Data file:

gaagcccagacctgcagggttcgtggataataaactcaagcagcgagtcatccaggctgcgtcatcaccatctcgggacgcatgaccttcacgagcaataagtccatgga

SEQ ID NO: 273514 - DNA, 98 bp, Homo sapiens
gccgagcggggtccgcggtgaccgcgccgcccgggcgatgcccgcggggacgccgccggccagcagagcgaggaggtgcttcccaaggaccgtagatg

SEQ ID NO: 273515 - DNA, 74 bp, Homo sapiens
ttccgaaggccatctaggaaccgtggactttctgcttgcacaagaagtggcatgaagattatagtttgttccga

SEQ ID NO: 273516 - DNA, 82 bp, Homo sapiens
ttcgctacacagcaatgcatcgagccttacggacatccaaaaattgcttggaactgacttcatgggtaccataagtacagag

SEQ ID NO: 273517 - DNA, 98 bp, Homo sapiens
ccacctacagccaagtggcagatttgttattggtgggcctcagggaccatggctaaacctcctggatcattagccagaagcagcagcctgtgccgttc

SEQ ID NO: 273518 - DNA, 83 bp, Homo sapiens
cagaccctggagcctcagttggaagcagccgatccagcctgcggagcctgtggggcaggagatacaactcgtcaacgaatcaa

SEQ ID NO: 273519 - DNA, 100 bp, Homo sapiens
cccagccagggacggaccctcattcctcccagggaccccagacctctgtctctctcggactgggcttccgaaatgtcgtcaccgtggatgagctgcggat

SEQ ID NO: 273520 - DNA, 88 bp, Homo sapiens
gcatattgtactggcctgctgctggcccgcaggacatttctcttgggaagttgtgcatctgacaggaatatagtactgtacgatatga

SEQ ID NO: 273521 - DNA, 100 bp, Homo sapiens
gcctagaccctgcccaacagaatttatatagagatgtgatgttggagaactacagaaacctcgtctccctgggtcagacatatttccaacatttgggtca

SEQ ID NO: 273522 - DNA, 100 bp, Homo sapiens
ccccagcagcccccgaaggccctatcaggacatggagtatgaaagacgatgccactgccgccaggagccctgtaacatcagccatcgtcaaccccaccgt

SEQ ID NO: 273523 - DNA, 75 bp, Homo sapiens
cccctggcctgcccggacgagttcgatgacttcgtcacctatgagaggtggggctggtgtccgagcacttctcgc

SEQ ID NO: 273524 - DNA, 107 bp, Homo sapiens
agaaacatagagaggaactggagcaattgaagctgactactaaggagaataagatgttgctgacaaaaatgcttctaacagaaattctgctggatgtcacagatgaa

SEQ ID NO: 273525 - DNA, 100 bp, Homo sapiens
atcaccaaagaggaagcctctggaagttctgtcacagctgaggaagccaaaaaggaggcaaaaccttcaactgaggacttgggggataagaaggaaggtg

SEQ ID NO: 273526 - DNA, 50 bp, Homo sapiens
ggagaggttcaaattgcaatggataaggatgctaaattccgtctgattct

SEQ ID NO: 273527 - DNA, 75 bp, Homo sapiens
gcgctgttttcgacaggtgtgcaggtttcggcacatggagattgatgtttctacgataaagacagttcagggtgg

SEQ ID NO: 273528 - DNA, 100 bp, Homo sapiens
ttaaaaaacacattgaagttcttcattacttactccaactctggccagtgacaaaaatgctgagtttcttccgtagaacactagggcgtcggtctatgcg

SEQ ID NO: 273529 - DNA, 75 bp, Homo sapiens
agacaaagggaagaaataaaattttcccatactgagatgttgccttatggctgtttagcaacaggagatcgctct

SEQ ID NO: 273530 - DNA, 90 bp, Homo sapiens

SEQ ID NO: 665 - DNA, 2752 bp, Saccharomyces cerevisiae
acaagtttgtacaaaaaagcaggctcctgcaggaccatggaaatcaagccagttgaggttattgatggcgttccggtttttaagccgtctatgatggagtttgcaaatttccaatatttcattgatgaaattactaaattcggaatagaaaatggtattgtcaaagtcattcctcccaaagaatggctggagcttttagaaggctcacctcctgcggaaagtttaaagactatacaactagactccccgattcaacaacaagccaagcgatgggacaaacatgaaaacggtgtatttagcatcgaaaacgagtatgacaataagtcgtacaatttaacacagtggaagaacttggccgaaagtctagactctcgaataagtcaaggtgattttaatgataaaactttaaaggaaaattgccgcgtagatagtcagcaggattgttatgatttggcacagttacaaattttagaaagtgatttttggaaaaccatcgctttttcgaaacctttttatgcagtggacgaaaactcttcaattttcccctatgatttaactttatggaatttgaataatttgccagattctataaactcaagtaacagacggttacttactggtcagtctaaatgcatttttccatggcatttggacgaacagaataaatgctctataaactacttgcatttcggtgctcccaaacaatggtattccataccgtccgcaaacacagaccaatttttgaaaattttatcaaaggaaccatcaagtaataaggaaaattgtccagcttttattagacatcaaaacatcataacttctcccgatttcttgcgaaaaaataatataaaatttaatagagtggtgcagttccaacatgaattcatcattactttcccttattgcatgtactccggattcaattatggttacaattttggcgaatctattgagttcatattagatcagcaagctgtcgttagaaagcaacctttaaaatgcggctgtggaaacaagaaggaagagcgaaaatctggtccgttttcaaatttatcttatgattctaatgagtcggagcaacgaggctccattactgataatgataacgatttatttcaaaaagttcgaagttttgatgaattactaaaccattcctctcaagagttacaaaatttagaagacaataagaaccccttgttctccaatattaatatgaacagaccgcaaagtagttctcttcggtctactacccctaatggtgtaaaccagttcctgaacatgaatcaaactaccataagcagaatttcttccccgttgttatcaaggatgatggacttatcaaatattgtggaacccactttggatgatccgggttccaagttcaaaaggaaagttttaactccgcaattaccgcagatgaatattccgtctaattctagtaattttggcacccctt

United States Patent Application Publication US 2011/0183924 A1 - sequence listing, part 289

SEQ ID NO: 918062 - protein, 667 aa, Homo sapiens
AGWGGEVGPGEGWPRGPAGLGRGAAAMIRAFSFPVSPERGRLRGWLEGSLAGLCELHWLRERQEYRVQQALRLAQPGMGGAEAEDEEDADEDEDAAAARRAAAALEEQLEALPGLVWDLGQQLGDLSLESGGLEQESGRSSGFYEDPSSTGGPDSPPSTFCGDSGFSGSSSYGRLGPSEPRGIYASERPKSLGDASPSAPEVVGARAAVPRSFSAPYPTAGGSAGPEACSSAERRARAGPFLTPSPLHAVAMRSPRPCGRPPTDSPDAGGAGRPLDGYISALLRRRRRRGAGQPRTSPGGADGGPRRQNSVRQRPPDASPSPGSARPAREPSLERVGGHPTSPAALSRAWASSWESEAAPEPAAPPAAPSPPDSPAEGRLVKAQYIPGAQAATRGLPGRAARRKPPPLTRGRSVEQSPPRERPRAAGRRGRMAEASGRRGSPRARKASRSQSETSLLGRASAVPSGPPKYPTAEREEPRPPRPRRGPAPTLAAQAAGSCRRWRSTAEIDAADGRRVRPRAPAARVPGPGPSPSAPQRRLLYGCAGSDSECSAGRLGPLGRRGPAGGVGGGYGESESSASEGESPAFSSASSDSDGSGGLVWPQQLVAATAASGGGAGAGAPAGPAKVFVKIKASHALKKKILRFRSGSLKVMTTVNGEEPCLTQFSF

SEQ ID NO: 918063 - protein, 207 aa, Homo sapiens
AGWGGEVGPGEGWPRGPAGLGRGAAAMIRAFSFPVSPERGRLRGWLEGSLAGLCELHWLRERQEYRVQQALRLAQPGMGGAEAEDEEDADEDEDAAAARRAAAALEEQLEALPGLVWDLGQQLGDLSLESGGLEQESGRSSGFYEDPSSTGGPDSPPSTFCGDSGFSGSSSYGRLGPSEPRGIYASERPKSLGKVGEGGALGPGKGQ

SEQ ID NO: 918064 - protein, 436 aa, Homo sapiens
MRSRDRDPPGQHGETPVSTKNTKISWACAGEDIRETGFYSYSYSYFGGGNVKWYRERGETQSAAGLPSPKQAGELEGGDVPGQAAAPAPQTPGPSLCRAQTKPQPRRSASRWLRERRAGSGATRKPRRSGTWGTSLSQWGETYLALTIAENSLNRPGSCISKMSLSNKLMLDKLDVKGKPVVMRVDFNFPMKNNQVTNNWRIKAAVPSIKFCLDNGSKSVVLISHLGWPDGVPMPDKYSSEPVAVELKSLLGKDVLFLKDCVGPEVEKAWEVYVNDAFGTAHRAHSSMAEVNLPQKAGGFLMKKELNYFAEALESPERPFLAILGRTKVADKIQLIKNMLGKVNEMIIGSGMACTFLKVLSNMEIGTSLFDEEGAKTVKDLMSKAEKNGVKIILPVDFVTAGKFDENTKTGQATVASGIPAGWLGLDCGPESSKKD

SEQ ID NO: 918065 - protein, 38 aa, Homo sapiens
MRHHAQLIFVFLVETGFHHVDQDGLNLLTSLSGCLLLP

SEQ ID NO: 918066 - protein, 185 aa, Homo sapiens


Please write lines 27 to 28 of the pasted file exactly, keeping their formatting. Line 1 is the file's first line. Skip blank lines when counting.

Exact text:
ggagaggttcaaattgcaatggataaggatgctaaattccgtctgattct

SEQ ID NO: 273527 - DNA, 75 bp, Homo sapiens